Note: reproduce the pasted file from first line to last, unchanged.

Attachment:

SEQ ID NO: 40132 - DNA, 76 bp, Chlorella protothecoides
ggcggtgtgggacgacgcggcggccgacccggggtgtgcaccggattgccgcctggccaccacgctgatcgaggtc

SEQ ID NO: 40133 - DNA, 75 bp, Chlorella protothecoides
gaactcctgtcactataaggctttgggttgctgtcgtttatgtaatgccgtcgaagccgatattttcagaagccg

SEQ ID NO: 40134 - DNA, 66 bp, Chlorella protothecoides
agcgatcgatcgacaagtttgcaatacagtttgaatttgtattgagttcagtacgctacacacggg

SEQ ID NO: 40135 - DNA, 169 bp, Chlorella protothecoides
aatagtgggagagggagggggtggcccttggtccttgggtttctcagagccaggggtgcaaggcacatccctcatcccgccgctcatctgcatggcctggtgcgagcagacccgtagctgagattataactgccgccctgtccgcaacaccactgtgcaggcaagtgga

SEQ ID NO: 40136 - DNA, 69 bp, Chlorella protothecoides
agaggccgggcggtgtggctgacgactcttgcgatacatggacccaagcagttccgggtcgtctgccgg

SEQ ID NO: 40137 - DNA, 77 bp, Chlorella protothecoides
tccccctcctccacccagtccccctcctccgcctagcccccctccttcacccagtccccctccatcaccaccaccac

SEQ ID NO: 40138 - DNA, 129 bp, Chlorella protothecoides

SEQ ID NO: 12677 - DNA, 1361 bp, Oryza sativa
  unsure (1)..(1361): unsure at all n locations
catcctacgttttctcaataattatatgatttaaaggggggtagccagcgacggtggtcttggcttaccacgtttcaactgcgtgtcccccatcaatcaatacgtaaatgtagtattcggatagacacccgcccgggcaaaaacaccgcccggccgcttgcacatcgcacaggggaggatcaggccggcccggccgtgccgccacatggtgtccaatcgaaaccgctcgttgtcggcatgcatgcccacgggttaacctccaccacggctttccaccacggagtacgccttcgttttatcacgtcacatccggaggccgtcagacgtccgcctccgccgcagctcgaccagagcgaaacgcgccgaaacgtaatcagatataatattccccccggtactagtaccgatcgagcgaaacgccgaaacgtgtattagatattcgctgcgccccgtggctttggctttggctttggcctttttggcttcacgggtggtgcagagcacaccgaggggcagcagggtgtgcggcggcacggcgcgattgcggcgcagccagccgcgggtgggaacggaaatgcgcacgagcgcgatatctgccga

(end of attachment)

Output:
SEQ ID NO: 40132 - DNA, 76 bp, Chlorella protothecoides
ggcggtgtgggacgacgcggcggccgacccggggtgtgcaccggattgccgcctggccaccacgctgatcgaggtc

SEQ ID NO: 40133 - DNA, 75 bp, Chlorella protothecoides
gaactcctgtcactataaggctttgggttgctgtcgtttatgtaatgccgtcgaagccgatattttcagaagccg

SEQ ID NO: 40134 - DNA, 66 bp, Chlorella protothecoides
agcgatcgatcgacaagtttgcaatacagtttgaatttgtattgagttcagtacgctacacacggg

SEQ ID NO: 40135 - DNA, 169 bp, Chlorella protothecoides
aatagtgggagagggagggggtggcccttggtccttgggtttctcagagccaggggtgcaaggcacatccctcatcccgccgctcatctgcatggcctggtgcgagcagacccgtagctgagattataactgccgccctgtccgcaacaccactgtgcaggcaagtgga

SEQ ID NO: 40136 - DNA, 69 bp, Chlorella protothecoides
agaggccgggcggtgtggctgacgactcttgcgatacatggacccaagcagttccgggtcgtctgccgg

SEQ ID NO: 40137 - DNA, 77 bp, Chlorella protothecoides
tccccctcctccacccagtccccctcctccgcctagcccccctccttcacccagtccccctccatcaccaccaccac

SEQ ID NO: 40138 - DNA, 129 bp, Chlorella protothecoides

SEQ ID NO: 12677 - DNA, 1361 bp, Oryza sativa
  unsure (1)..(1361): unsure at all n locations
catcctacgttttctcaataattatatgatttaaaggggggtagccagcgacggtggtcttggcttaccacgtttcaactgcgtgtcccccatcaatcaatacgtaaatgtagtattcggatagacacccgcccgggcaaaaacaccgcccggccgcttgcacatcgcacaggggaggatcaggccggcccggccgtgccgccacatggtgtccaatcgaaaccgctcgttgtcggcatgcatgcccacgggttaacctccaccacggctttccaccacggagtacgccttcgttttatcacgtcacatccggaggccgtcagacgtccgcctccgccgcagctcgaccagagcgaaacgcgccgaaacgtaatcagatataatattccccccggtactagtaccgatcgagcgaaacgccgaaacgtgtattagatattcgctgcgccccgtggctttggctttggctttggcctttttggcttcacgggtggtgcagagcacaccgaggggcagcagggtgtgcggcggcacggcgcgattgcggcgcagccagccgcgggtgggaacggaaatgcgcacgagcgcgatatctgccga